Super Bowls inevitably summon memories, not only of previous games but of the circumstances surrounding them. The only Super Bowl I didn’t watch was in 1991, when the Giants edged the Bills 20-19 in Super Bowl XXV. I was dug in on the Saudi-Kuwait border with U.S. Marines during Operation Desert Storm preparing to assault Saddam Hussein’s occupying Iraqi forces to the north. But updates were passed by word of mouth.
(We later heard that Whitney Houston offered a wonderful rendition of our national anthem.)
The presence of the San Francisco 49ers in last Sunday’s SB LVIII in Las Vegas summoned memories of Super XIX in 1985—featuring the Niners and the Miami Dolphins.
Joe Montana vs. Dan Marino.
At the time I was in the snowy High Sierra Mountains in northern California, at the Marine Corps Mountain Warfare Training Center. I’d been sent to a winter mountain leader school, probably because I was from New Hampshire, and the assigning officers likely assumed I knew about snow and was presumably a skier.
The reality was I’d never ever skied. I was a basketball player.
Still, I eventually became marginally proficient on snowshoes and on cross country/mountaineering skis, as most time was spent traversing uphill with a big pack and a rifle. Being 6-feet-4, all the gear made me top-heavy, and I became very adept at wiping out without getting hurt or damaging my rifle.
“Damn it, Jim, I’m a basketball player, not a skier!”
The school was truly a tough character-builder. A night ski march on a cold, windy, moonless night at 9000-feet elevation offered us marvelous views of starlit heavens—before we dug snow caves to seek a couple hours rest out of the big winds. The paralyzing cold prompted ponderings of the incalculable misery that must have afflicted so many on various Russian fronts during winters past.
But I digress.
The school granted liberty for Super Bowl weekend and eight of us got into two vehicles and drove north to Squaw Valley, site of the 1960 Winter Olympics. We’d ski at the Olympic Mountain on Saturday and then watch the Super Bowl at Lake Tahoe on Sunday, where we could bet on the game. And sleep in a beautiful bed as opposed to a snow cave!
Seven of us were proficient downhill skiers. One (me) was not.
We were fitted for skis and headed right to a chairlift which took us way up the mountain. We got off and the gung-ho Marines headed for another chairlift that would take us to the very top. An ominous sign stated, “Expert skiers only.”
We got off at the top and seven Marines quickly headed down the mountain. I stood at the top in a 50-mph wind looking down at what seemed like a vertical slope. I had never downhill skied. I figured I was going to die.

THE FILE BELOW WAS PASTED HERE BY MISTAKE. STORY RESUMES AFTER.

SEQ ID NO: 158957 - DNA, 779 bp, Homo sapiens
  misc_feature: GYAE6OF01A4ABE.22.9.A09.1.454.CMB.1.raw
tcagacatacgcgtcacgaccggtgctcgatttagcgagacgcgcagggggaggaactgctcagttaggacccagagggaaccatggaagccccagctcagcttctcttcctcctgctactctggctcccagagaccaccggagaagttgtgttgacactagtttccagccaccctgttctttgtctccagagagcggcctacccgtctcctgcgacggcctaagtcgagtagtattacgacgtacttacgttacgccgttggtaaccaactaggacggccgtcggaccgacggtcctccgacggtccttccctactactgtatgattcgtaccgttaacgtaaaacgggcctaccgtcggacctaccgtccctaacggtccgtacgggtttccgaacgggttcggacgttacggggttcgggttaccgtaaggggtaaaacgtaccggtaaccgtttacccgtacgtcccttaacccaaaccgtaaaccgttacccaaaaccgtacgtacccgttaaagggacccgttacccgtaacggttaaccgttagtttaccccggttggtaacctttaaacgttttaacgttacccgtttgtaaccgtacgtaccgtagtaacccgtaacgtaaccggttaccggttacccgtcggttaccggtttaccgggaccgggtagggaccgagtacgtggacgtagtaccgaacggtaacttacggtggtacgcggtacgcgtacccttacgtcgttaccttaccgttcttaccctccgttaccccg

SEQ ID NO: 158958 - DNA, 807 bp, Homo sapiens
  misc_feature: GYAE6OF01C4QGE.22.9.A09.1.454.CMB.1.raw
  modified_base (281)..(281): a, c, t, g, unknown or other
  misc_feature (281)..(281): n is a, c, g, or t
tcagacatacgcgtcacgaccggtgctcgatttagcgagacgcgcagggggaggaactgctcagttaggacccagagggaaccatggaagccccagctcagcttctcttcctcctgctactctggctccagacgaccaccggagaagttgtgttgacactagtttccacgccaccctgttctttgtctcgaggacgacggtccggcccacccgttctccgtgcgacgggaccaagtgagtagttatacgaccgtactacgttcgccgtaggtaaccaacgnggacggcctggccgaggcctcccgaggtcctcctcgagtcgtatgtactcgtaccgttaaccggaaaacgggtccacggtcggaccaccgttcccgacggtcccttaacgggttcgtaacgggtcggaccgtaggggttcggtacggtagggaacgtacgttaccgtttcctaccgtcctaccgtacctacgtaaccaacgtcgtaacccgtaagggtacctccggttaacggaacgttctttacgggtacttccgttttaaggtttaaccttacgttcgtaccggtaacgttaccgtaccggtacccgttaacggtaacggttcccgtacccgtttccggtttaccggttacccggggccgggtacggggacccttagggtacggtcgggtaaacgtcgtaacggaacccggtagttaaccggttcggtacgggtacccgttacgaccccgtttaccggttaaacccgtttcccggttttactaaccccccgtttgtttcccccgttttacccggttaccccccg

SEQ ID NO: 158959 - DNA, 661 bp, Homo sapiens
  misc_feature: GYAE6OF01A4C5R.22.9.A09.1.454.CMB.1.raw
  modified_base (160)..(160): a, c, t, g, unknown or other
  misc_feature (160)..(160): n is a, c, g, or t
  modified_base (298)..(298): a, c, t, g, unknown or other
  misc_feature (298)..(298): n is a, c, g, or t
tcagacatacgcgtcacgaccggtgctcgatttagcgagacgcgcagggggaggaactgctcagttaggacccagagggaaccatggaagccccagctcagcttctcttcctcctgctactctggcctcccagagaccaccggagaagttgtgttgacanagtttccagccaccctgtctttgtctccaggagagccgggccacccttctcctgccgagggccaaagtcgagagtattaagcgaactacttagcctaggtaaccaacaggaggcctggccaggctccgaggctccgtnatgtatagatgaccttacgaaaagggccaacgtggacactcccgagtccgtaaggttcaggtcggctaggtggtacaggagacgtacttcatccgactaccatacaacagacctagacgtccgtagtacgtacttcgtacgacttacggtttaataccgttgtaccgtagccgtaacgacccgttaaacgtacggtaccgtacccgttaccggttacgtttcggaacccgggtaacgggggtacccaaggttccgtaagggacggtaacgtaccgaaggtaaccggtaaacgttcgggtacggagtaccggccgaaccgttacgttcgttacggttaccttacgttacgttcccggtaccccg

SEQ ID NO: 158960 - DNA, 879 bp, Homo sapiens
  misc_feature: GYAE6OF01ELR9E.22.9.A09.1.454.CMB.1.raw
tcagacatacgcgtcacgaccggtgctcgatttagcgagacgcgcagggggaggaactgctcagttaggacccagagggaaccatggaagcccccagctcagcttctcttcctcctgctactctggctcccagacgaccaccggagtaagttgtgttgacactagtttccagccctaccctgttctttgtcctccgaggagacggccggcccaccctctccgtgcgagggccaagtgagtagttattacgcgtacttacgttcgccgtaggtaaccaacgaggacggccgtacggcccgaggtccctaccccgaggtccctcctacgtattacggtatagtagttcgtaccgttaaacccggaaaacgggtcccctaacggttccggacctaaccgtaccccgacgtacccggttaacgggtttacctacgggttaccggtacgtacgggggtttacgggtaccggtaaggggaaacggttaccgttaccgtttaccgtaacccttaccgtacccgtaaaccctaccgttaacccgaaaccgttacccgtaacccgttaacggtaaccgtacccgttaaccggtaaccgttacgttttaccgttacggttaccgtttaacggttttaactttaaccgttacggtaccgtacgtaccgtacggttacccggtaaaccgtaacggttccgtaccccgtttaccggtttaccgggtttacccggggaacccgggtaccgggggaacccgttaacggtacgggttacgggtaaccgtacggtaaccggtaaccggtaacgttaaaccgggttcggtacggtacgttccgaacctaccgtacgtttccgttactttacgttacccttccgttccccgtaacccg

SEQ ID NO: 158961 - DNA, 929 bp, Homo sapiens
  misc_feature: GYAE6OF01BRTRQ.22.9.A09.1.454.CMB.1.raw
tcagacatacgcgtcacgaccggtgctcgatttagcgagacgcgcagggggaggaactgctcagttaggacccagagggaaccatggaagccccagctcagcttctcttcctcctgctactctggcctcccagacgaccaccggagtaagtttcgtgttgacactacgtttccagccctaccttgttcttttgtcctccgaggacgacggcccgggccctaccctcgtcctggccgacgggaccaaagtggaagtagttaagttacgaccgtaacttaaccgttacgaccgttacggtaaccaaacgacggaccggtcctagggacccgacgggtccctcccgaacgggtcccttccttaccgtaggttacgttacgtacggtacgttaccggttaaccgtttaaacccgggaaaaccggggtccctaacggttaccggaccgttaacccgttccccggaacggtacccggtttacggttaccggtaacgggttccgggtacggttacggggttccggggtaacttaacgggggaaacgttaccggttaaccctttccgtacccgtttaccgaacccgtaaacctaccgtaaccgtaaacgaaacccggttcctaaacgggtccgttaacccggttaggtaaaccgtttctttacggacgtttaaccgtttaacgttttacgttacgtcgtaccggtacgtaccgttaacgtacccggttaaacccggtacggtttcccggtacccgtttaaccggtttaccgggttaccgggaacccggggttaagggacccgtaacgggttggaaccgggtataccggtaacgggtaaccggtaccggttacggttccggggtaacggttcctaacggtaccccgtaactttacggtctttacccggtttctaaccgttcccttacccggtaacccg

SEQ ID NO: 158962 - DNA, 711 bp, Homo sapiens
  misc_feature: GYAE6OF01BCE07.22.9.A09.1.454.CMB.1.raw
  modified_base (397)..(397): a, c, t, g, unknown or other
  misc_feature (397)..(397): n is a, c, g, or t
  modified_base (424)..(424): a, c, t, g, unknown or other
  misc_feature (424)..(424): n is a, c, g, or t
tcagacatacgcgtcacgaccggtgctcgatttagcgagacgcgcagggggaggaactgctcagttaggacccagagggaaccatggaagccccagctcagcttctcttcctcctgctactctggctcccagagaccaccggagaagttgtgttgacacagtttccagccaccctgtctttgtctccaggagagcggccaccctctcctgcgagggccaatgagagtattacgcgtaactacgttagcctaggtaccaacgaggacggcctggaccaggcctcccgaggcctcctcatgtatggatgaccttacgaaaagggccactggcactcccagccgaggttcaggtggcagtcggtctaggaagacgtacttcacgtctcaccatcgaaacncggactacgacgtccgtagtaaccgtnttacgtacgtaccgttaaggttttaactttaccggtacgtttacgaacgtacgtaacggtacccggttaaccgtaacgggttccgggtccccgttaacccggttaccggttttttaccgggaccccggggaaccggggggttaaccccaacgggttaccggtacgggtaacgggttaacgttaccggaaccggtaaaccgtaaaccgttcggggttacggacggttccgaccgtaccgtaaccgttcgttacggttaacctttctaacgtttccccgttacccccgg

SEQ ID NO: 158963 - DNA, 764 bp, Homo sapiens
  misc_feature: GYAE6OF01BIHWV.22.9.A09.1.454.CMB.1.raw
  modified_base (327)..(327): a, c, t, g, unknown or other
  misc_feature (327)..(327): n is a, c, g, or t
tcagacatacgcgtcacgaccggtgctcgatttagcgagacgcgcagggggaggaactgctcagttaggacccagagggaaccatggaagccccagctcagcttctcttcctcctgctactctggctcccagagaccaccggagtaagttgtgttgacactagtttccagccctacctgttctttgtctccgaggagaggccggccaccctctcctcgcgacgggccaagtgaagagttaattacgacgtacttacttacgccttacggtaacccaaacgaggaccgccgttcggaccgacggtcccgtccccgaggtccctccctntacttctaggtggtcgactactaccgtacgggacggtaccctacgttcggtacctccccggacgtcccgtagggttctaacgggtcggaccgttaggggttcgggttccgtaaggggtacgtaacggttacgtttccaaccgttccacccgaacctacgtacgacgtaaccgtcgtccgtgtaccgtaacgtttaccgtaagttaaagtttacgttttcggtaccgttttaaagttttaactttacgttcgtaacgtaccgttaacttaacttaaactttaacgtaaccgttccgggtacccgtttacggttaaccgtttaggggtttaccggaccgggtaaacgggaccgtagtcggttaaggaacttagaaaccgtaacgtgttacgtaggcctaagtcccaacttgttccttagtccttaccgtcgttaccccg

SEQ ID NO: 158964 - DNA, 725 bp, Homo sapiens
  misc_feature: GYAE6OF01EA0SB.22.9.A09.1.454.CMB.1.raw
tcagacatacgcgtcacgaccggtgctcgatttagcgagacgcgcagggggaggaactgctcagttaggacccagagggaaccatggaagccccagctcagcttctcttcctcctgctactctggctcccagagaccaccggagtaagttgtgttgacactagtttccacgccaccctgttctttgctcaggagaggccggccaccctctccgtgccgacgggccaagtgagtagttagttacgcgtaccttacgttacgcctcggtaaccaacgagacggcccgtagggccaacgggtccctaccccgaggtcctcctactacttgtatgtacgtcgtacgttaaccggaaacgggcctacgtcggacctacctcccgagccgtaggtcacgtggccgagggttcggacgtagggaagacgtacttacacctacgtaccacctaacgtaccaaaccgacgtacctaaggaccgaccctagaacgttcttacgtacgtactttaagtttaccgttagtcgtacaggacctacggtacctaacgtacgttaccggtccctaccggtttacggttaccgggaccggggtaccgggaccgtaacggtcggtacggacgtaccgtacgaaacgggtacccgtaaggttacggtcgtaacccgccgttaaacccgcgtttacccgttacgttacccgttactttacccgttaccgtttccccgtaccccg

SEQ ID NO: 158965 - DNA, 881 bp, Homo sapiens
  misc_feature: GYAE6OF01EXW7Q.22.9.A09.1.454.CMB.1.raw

I traversed a few feet and fell and then repeated the process numerous times, gradually increasing the length of each traverse before wiping out. Fortunately, I was an athlete adept at falling and didn’t have a pack or rifle to contend with.
By the end of the day, I was an actual skier. Euphoria.
The next day saw us in Lake Tahoe, on the Nevada side. We talked about our Super Bowl bets, and we all agreed to bet on Miami. After all, Marino had just smashed most of the single season NFL passing records.
We got a table in a vast hall—Harrah’s or Harvey’s, I can’t remember which. There were maybe 2,000 people jammed in there, almost all wearing red 49er swag. We realized San Francisco was just a short drive to the west.
A nice Dolphin play early on brought cheers and whoops from our table, which invited hooting and catcalls from the hundreds of Niner fans surrounding us.
“I think we’re outnumbered,” said a lieutenant.
“Yeah, it looks like we’ve got about 2,000 Californians against eight Marines,” replied a gunnery sergeant. “Even odds.”
But the only ass-kicking took place at Stanford Stadium—almost a home game for San Francisco—as Montana’s 49ers triumphed, 38-16.
During the second half of the blowout, a Marine Corps recruiting commercial came up on all the giant screens in the giant room. We eight Marines leapt to attention, as 4,000 or so eyes looked at us. And at the end of the commercial, the happy 49er fans—enjoying their big lead—gave us mucho applause and soon rounds of beers were coming to our table.
“These California hippies ain’t all that bad, I reckon,” said the gunny.
Ah yes. Got to love Super Bowl memories.
State Representative Mike Moffett was a Sports Management Professor for Plymouth State University and NHTI-Concord. He co-authored the award-winning “FAHIM SPEAKS: A Warrior-Actor’s Odyssey from Afghanistan to Hollywood and Back.” His e-mail address is firstname.lastname@example.org.